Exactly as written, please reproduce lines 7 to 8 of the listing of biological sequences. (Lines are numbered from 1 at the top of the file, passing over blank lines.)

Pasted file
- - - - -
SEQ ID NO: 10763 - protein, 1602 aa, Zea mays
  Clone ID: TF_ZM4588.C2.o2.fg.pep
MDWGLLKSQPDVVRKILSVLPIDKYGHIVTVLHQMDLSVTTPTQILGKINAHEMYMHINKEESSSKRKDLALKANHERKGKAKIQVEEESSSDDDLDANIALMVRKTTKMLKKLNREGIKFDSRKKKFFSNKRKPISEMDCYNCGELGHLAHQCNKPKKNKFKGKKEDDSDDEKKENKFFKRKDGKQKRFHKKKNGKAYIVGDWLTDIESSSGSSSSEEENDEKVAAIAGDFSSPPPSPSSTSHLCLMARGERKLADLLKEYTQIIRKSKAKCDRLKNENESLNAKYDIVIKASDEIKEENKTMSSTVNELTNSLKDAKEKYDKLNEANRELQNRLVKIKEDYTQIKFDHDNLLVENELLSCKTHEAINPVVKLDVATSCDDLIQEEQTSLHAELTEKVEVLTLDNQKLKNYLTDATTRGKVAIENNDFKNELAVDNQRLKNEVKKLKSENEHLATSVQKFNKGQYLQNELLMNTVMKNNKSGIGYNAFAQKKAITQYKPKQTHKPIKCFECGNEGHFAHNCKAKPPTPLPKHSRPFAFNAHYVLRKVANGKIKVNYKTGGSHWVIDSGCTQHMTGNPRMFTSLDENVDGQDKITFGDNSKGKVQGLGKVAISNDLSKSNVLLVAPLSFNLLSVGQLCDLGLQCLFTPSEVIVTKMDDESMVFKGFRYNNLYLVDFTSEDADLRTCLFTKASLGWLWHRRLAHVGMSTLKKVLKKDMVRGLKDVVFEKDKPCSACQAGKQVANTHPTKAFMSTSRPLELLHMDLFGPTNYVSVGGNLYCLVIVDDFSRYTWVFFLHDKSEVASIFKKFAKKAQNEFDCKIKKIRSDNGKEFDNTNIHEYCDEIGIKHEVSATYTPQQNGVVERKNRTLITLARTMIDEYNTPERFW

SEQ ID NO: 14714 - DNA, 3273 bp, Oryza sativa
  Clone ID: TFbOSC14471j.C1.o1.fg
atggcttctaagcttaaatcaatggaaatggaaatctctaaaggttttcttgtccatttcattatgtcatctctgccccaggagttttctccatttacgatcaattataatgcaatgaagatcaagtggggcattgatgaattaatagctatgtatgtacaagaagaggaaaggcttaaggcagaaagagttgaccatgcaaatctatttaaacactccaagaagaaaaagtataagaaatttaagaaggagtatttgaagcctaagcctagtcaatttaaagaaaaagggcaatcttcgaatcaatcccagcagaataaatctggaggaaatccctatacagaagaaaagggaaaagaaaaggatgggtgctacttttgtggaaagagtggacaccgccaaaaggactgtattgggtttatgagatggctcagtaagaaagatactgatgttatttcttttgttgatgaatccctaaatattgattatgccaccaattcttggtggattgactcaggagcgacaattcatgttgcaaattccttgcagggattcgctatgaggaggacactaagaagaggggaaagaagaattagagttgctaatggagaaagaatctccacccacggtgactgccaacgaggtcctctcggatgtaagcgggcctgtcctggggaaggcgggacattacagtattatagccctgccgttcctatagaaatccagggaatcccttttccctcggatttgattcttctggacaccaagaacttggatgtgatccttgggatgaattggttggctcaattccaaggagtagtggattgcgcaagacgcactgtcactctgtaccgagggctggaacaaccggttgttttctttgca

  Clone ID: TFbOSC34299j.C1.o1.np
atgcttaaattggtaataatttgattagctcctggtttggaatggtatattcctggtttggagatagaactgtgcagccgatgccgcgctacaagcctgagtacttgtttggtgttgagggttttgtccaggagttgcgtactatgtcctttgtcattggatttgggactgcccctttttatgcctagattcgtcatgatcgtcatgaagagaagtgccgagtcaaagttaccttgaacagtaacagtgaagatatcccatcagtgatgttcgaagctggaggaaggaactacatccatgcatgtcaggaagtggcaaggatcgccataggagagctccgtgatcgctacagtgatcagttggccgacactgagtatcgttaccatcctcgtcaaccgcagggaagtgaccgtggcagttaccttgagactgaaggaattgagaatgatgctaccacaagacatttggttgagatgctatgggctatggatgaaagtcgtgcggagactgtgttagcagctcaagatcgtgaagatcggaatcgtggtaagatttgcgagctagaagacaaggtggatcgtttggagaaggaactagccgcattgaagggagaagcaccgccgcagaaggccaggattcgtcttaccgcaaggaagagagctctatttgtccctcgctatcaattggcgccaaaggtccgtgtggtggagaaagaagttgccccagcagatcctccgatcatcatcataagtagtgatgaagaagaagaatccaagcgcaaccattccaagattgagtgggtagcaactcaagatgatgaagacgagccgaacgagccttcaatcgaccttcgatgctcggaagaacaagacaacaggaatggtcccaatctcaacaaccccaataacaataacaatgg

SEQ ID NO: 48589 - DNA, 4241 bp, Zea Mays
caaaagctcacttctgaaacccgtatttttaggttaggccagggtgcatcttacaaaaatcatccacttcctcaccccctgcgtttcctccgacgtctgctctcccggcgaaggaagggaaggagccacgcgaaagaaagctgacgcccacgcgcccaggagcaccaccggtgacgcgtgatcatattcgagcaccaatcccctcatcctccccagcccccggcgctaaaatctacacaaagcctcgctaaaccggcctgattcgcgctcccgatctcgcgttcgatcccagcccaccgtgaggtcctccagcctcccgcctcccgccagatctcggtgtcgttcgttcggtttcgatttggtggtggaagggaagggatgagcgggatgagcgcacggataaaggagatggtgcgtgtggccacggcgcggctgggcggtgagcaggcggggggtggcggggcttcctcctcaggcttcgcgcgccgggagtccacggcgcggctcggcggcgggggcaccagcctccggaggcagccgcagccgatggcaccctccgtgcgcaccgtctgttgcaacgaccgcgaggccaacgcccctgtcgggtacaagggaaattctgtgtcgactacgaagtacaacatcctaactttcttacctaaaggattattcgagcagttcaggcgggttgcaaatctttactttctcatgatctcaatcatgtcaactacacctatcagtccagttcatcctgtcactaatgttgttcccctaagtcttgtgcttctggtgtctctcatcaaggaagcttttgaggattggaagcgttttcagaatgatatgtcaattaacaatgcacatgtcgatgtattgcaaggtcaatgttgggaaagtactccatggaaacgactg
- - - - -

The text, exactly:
  Clone ID: TFbOSC34299j.C1.o1.np
atgcttaaattggtaataatttgattagctcctggtttggaatggtatattcctggtttggagatagaactgtgcagccgatgccgcgctacaagcctgagtacttgtttggtgttgagggttttgtccaggagttgcgtactatgtcctttgtcattggatttgggactgcccctttttatgcctagattcgtcatgatcgtcatgaagagaagtgccgagtcaaagttaccttgaacagtaacagtgaagatatcccatcagtgatgttcgaagctggaggaaggaactacatccatgcatgtcaggaagtggcaaggatcgccataggagagctccgtgatcgctacagtgatcagttggccgacactgagtatcgttaccatcctcgtcaaccgcagggaagtgaccgtggcagttaccttgagactgaaggaattgagaatgatgctaccacaagacatttggttgagatgctatgggctatggatgaaagtcgtgcggagactgtgttagcagctcaagatcgtgaagatcggaatcgtggtaagatttgcgagctagaagacaaggtggatcgtttggagaaggaactagccgcattgaagggagaagcaccgccgcagaaggccaggattcgtcttaccgcaaggaagagagctctatttgtccctcgctatcaattggcgccaaaggtccgtgtggtggagaaagaagttgccccagcagatcctccgatcatcatcataagtagtgatgaagaagaagaatccaagcgcaaccattccaagattgagtgggtagcaactcaagatgatgaagacgagccgaacgagccttcaatcgaccttcgatgctcggaagaacaagacaacaggaatggtcccaatctcaacaaccccaataacaataacaatgg